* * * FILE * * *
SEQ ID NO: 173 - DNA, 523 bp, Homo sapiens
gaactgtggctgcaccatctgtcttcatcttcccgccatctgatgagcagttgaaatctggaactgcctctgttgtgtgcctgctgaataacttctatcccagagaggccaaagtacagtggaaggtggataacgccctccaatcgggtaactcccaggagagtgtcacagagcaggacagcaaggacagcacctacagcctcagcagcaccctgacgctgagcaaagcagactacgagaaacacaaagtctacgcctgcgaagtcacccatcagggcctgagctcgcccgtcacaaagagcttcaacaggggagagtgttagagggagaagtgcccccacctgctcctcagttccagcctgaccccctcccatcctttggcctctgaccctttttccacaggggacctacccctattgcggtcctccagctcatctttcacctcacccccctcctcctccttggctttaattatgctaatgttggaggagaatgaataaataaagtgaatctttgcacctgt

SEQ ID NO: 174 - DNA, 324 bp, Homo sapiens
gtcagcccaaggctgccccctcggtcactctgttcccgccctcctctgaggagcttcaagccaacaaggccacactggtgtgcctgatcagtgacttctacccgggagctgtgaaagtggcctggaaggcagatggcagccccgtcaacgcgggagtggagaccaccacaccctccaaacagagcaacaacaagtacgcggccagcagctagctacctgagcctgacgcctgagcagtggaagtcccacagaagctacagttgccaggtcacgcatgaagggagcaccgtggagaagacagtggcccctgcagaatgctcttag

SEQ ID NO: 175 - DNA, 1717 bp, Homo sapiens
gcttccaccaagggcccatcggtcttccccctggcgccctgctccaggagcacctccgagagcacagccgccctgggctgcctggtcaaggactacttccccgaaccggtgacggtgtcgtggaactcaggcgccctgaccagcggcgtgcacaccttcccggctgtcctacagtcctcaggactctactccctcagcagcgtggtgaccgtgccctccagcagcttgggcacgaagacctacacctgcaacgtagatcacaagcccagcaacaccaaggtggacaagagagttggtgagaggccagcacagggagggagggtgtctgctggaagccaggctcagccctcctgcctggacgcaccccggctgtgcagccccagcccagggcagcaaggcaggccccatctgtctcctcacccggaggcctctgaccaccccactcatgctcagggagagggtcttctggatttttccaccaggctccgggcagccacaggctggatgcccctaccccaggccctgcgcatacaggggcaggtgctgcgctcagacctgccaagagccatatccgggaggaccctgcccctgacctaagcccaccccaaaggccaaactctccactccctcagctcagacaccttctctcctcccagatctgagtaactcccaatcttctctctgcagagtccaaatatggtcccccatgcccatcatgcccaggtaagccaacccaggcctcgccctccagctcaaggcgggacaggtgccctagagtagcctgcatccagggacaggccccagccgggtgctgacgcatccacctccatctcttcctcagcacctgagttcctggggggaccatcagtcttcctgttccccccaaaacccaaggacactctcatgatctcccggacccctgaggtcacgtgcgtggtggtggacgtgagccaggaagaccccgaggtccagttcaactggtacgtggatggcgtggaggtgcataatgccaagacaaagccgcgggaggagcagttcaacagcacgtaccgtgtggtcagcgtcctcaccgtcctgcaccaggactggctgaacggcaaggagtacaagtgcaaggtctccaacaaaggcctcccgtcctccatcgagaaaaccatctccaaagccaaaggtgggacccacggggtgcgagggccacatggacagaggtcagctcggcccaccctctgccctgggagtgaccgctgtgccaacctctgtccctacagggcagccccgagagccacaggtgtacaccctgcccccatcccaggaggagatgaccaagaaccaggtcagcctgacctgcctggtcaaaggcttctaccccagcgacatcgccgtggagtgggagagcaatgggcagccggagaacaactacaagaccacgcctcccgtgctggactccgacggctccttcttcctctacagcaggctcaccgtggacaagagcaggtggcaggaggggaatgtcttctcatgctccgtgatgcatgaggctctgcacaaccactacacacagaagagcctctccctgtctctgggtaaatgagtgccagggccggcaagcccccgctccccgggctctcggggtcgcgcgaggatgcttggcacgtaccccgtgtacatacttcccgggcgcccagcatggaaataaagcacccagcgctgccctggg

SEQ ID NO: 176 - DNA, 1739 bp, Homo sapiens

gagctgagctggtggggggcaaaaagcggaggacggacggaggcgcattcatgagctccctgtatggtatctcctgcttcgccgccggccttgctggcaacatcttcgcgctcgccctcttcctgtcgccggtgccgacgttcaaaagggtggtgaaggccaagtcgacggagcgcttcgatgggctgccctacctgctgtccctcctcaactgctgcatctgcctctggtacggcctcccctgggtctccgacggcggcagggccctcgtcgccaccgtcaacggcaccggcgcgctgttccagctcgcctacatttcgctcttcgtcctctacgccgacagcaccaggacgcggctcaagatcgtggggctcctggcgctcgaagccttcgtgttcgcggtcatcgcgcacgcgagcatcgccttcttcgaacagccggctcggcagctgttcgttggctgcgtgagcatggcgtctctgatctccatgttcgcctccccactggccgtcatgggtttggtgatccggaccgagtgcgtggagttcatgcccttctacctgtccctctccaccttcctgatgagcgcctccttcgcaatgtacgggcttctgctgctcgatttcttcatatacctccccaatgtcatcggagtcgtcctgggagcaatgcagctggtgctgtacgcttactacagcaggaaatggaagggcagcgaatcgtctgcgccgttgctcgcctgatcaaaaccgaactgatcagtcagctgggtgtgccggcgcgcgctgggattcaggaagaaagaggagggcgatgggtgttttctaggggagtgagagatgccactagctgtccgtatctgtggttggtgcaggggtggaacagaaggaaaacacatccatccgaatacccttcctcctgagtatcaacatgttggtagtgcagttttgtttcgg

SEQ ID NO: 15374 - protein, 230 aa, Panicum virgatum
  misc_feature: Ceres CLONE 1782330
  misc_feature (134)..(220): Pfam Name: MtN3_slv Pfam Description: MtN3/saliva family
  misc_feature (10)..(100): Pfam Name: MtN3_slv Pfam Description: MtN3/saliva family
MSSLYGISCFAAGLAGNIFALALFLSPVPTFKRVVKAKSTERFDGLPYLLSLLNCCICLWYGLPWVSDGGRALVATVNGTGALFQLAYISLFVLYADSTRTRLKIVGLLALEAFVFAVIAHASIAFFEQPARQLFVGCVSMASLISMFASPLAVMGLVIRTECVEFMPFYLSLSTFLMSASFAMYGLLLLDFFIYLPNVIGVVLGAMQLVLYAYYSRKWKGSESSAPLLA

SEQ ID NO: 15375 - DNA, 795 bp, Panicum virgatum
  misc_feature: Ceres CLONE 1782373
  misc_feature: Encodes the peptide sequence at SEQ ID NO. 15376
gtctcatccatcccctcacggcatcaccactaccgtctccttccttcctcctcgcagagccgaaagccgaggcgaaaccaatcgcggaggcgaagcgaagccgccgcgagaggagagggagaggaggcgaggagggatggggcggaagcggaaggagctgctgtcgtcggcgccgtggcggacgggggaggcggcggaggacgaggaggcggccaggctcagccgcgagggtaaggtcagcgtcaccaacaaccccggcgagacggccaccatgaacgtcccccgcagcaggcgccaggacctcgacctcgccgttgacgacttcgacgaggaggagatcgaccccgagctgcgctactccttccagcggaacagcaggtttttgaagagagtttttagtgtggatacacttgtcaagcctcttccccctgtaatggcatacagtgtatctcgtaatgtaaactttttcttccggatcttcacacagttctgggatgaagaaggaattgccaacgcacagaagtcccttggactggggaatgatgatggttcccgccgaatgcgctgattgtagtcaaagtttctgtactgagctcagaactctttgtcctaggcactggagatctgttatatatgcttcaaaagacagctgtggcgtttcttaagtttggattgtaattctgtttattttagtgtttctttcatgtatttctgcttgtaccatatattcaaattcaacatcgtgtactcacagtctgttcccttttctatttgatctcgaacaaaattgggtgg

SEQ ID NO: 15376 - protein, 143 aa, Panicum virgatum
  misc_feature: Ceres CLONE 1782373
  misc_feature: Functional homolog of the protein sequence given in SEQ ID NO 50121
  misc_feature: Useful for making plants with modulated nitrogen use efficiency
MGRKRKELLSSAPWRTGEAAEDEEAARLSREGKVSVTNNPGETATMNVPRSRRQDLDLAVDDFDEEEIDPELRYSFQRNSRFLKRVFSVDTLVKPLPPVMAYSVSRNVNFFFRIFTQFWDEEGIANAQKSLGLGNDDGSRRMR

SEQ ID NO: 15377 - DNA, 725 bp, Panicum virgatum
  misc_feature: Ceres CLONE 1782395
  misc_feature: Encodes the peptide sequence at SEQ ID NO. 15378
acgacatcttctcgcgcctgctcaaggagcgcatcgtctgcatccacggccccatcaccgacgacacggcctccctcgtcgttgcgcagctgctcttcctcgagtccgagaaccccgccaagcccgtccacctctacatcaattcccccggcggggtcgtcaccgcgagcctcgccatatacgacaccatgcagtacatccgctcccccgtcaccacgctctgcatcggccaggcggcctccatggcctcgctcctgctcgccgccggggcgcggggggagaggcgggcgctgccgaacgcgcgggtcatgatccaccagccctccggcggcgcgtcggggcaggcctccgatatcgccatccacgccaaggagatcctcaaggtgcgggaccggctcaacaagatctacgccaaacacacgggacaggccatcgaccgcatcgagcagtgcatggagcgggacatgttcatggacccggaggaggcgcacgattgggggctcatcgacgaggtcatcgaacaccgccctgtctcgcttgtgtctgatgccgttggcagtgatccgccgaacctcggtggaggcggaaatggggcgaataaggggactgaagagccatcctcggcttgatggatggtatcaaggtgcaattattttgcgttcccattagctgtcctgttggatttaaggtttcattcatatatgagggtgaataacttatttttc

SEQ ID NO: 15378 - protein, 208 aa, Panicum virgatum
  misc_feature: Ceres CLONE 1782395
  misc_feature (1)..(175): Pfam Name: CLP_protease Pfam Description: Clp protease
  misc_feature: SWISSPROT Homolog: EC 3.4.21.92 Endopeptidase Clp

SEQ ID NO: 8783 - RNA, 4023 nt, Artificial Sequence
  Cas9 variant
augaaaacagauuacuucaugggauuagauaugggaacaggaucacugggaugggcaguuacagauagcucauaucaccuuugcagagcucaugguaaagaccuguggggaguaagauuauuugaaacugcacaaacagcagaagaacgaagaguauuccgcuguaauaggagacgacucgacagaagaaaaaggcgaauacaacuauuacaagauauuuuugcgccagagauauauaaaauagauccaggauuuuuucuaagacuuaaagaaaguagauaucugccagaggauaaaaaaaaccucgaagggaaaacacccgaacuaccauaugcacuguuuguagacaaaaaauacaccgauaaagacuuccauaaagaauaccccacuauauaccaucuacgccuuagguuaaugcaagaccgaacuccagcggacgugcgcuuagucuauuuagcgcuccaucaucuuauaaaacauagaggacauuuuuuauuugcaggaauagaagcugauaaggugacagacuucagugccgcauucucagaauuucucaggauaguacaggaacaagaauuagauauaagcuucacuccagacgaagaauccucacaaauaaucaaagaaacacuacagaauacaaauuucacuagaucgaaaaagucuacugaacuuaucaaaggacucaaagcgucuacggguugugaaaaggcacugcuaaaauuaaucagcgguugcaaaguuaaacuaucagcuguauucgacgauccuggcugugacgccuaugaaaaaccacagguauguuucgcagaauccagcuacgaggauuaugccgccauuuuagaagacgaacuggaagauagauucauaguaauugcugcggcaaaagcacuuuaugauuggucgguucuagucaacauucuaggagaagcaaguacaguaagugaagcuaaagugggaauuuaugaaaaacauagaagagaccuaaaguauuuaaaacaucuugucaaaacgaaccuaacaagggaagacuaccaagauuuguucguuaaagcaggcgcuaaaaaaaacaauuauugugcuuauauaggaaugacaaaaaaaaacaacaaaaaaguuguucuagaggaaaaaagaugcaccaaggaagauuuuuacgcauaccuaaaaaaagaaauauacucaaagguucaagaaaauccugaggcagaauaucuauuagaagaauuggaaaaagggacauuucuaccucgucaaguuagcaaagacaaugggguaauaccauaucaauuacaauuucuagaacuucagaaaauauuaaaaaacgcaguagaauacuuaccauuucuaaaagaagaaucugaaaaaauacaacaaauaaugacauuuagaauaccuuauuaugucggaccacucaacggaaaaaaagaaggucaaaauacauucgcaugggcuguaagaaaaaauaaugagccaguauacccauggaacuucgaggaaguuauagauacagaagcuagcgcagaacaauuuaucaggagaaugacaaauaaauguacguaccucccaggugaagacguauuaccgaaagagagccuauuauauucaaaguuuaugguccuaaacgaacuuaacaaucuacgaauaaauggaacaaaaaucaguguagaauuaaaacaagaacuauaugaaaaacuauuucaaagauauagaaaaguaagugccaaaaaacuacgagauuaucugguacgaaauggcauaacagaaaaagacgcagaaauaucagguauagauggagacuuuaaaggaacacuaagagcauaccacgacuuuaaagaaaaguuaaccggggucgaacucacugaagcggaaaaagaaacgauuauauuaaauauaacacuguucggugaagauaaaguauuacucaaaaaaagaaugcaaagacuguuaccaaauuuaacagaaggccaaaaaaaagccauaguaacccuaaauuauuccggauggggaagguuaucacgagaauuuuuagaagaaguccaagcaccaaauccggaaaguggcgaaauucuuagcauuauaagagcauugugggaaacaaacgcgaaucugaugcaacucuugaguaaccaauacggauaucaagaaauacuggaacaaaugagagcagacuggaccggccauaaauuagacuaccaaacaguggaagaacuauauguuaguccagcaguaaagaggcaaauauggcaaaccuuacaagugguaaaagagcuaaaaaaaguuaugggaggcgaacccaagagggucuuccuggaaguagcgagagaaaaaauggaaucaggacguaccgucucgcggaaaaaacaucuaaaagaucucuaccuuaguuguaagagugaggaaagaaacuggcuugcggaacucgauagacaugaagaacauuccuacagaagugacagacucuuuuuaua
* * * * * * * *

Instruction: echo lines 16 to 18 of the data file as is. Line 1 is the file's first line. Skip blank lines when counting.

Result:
  misc_feature: Encodes the peptide sequence at SEQ ID NO. 15376
gtctcatccatcccctcacggcatcaccactaccgtctccttccttcctcctcgcagagccgaaagccgaggcgaaaccaatcgcggaggcgaagcgaagccgccgcgagaggagagggagaggaggcgaggagggatggggcggaagcggaaggagctgctgtcgtcggcgccgtggcggacgggggaggcggcggaggacgaggaggcggccaggctcagccgcgagggtaaggtcagcgtcaccaacaaccccggcgagacggccaccatgaacgtcccccgcagcaggcgccaggacctcgacctcgccgttgacgacttcgacgaggaggagatcgaccccgagctgcgctactccttccagcggaacagcaggtttttgaagagagtttttagtgtggatacacttgtcaagcctcttccccctgtaatggcatacagtgtatctcgtaatgtaaactttttcttccggatcttcacacagttctgggatgaagaaggaattgccaacgcacagaagtcccttggactggggaatgatgatggttcccgccgaatgcgctgattgtagtcaaagtttctgtactgagctcagaactctttgtcctaggcactggagatctgttatatatgcttcaaaagacagctgtggcgtttcttaagtttggattgtaattctgtttattttagtgtttctttcatgtatttctgcttgtaccatatattcaaattcaacatcgtgtactcacagtctgttcccttttctatttgatctcgaacaaaattgggtgg

SEQ ID NO: 15376 - protein, 143 aa, Panicum virgatum